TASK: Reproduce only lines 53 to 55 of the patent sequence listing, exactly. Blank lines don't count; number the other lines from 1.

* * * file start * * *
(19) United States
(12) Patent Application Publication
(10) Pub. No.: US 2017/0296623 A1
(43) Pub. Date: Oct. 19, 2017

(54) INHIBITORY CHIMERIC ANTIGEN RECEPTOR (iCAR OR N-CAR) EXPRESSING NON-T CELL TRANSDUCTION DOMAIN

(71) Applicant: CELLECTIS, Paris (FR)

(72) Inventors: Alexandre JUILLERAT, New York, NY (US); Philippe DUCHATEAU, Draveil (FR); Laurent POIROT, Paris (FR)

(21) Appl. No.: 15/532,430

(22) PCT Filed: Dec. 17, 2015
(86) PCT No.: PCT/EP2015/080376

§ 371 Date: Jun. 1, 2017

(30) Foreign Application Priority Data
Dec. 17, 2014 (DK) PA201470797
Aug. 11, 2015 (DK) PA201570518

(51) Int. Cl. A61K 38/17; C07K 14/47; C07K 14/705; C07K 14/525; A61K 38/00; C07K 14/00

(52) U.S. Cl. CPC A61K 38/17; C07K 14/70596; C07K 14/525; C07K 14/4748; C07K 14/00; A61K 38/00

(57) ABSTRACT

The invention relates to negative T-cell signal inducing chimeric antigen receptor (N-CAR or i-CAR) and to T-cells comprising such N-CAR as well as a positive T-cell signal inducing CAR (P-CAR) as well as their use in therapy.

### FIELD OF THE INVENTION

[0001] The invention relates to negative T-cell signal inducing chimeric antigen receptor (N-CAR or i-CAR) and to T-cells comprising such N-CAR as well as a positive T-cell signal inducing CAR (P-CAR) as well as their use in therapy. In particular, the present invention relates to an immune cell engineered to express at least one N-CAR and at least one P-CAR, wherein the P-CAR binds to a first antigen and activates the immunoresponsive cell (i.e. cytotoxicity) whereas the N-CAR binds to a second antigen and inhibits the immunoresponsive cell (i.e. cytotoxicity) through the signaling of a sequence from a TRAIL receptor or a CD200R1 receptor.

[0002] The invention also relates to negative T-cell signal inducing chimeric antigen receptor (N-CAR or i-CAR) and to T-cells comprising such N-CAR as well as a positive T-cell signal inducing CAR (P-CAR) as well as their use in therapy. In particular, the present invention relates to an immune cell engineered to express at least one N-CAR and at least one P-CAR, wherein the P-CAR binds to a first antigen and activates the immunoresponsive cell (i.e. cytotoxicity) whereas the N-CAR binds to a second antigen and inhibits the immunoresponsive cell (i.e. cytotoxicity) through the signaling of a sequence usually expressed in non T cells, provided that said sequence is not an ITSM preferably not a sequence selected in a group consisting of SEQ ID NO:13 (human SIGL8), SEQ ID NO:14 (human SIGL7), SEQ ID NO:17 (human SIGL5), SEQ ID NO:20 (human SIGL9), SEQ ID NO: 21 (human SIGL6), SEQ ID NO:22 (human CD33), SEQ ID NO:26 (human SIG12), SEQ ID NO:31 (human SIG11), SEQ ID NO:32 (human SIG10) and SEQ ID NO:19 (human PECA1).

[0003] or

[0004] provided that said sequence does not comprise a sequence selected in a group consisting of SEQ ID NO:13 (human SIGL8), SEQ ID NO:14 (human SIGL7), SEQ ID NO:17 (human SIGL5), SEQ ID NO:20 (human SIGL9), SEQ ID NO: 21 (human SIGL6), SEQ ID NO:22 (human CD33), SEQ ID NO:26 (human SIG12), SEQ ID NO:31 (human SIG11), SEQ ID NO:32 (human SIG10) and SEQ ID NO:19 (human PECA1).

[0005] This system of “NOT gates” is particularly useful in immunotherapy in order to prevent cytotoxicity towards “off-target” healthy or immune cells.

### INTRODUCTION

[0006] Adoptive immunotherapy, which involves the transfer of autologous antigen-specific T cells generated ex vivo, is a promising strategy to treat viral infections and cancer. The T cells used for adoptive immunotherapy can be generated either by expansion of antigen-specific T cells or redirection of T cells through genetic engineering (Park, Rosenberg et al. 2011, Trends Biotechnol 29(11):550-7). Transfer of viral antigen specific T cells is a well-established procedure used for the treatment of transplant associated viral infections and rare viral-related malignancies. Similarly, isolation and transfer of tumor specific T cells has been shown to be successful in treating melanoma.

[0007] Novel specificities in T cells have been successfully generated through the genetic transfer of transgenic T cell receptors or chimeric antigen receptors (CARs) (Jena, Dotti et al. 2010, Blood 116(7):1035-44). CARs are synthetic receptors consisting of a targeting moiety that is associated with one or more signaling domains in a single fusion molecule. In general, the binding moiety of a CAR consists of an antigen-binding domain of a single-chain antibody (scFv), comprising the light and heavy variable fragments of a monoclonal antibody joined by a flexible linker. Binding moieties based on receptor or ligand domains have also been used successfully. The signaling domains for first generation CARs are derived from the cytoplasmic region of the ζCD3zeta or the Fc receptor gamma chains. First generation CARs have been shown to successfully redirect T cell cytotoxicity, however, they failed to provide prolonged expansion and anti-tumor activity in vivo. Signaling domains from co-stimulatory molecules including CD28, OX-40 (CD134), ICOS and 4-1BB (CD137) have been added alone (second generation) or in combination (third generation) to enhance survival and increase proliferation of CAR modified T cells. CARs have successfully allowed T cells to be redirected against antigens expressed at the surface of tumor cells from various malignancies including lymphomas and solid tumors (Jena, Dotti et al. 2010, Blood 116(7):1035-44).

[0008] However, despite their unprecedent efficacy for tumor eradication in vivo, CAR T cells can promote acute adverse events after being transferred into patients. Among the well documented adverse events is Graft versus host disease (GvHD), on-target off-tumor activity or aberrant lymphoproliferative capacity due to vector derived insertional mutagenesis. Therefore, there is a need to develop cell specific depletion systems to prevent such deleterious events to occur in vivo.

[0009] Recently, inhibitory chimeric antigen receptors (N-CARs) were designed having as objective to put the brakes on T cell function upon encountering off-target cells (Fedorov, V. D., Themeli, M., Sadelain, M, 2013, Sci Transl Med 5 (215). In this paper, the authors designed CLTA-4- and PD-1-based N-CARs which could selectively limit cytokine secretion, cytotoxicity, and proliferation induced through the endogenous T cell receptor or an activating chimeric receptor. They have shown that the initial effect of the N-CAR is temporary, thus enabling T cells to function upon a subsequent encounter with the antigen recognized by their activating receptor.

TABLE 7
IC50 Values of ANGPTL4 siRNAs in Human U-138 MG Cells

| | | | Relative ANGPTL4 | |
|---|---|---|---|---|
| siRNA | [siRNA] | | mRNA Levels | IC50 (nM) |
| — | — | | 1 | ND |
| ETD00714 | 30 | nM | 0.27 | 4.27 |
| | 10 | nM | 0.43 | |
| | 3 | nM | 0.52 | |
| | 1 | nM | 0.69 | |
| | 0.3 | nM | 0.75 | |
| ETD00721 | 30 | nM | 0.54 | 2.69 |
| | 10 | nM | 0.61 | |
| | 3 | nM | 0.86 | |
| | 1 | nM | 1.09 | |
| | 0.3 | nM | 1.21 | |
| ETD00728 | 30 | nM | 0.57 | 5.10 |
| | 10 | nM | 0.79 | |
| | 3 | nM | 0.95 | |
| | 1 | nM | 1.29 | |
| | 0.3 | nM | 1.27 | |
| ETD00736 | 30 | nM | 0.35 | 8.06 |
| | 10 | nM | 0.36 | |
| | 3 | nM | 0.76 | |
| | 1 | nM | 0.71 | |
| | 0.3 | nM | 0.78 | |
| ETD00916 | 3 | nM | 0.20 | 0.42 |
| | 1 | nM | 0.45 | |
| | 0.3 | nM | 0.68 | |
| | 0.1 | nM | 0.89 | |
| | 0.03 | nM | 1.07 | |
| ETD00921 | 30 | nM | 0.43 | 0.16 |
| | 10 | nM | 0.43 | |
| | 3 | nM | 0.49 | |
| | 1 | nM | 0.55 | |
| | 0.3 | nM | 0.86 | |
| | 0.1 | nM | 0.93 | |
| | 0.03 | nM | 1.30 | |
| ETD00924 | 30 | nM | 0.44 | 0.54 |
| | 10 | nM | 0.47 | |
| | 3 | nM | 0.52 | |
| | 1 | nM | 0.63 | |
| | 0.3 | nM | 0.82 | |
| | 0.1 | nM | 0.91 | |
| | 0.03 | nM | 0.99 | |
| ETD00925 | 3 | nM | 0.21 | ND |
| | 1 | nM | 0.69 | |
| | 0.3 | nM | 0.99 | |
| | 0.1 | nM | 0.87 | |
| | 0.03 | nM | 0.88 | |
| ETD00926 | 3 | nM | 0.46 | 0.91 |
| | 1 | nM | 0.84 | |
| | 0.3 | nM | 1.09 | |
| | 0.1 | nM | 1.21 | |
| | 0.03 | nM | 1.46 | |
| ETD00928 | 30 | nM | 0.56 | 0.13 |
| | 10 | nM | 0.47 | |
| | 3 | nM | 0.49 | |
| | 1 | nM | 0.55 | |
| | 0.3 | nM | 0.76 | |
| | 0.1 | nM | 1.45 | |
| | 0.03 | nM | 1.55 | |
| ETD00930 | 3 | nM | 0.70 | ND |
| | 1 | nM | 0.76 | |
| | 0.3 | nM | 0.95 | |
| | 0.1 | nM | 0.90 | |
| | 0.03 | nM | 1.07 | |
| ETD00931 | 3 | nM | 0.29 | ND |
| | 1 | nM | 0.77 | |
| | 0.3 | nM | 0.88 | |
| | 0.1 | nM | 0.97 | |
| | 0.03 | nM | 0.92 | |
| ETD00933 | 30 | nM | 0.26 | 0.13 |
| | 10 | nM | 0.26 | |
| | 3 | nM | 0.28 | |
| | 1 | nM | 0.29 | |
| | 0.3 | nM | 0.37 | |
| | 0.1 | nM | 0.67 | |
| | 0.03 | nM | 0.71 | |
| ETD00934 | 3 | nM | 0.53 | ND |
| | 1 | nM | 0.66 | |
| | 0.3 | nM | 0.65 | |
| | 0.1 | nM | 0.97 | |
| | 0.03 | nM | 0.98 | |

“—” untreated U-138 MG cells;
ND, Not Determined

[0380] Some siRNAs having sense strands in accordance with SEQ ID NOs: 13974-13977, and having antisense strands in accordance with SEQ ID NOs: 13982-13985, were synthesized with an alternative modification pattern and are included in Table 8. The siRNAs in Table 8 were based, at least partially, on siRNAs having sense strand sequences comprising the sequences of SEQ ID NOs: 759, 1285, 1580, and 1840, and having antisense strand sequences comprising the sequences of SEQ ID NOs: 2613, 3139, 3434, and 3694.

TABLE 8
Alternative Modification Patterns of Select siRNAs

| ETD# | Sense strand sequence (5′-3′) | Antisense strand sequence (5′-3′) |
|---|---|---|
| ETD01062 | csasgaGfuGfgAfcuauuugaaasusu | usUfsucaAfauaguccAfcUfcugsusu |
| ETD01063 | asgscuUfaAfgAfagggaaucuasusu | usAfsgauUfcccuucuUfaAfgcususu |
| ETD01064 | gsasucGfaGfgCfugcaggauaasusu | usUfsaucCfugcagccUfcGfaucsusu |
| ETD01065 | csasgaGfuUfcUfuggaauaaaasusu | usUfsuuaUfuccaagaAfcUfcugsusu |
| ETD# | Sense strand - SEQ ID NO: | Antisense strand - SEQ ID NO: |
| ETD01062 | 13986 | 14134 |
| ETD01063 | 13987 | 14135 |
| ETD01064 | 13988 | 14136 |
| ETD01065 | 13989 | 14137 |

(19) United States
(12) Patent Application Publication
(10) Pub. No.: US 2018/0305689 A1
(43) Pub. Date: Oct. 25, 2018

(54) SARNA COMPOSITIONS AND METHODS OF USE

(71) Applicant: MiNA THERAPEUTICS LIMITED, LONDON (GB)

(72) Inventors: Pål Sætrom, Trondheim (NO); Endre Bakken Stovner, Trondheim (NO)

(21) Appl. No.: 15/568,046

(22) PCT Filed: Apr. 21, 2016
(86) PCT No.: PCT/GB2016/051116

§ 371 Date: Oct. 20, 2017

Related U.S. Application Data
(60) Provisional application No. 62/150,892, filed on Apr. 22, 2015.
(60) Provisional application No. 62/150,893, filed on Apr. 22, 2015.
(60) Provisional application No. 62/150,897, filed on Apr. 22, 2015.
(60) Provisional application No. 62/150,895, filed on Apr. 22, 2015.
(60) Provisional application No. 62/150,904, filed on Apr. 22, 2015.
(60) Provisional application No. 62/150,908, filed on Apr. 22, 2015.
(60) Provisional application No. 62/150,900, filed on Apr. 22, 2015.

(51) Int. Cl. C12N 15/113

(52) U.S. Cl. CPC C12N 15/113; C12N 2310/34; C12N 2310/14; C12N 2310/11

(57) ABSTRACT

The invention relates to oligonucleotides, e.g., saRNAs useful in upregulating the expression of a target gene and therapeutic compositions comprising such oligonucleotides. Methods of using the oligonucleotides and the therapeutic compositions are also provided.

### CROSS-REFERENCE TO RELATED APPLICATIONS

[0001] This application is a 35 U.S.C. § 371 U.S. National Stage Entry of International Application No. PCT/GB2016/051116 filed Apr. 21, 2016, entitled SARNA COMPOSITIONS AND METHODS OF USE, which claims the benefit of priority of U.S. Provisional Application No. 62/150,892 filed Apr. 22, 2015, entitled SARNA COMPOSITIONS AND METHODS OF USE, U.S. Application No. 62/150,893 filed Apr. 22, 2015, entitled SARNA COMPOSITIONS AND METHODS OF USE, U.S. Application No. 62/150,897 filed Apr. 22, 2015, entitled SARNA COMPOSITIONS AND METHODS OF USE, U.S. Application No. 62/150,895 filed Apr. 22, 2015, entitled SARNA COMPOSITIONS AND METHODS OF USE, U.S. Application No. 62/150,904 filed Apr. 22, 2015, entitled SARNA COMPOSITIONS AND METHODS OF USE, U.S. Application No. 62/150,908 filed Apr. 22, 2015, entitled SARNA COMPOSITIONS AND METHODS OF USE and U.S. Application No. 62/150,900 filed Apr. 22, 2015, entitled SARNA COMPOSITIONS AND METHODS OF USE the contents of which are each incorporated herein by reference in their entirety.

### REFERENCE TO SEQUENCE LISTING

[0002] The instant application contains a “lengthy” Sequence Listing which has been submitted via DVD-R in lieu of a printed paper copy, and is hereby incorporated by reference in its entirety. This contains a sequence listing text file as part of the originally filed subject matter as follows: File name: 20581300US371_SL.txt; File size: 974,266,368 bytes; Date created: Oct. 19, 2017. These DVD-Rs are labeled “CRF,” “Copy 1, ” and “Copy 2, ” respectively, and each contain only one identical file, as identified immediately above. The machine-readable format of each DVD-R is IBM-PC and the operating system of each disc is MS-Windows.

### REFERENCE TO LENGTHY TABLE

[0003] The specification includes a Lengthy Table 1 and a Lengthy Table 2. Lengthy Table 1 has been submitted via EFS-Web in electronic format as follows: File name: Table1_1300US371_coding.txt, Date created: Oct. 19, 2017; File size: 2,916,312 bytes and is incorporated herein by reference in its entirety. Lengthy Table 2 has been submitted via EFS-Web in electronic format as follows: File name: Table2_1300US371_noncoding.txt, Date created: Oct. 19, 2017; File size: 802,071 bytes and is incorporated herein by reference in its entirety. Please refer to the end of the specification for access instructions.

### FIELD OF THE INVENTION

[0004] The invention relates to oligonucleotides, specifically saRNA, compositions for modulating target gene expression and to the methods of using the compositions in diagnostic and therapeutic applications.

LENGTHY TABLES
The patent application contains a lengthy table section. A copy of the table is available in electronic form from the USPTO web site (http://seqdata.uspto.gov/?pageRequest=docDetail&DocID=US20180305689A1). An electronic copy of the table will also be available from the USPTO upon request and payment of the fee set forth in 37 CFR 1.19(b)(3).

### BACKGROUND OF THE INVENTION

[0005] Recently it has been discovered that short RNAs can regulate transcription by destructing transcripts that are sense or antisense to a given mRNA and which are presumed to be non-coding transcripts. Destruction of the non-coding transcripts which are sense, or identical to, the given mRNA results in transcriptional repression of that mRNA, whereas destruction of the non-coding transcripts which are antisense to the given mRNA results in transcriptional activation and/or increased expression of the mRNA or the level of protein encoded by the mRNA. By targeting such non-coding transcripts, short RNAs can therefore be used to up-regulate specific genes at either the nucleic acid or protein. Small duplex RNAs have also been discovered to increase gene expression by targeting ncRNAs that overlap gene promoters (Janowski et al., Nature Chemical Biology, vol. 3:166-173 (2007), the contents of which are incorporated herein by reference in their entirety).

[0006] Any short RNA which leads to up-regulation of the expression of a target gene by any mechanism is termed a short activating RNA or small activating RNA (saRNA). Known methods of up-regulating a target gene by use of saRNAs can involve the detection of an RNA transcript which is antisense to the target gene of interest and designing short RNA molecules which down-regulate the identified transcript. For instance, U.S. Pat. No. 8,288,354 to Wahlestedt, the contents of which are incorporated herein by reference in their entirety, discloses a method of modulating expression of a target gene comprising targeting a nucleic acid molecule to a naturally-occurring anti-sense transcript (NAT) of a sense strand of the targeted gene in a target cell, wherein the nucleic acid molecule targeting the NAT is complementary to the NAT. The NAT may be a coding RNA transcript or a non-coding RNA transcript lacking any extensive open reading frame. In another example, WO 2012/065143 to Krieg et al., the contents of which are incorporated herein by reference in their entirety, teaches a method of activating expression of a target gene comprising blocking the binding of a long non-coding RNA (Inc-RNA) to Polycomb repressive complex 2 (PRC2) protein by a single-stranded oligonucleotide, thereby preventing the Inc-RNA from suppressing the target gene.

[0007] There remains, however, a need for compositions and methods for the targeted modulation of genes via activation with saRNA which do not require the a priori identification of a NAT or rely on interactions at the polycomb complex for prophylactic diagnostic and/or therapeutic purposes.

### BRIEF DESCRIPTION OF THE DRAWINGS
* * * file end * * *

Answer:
| | 3 | nM | 0.76 | |
| | 1 | nM | 0.71 | |
| | 0.3 | nM | 0.78 | |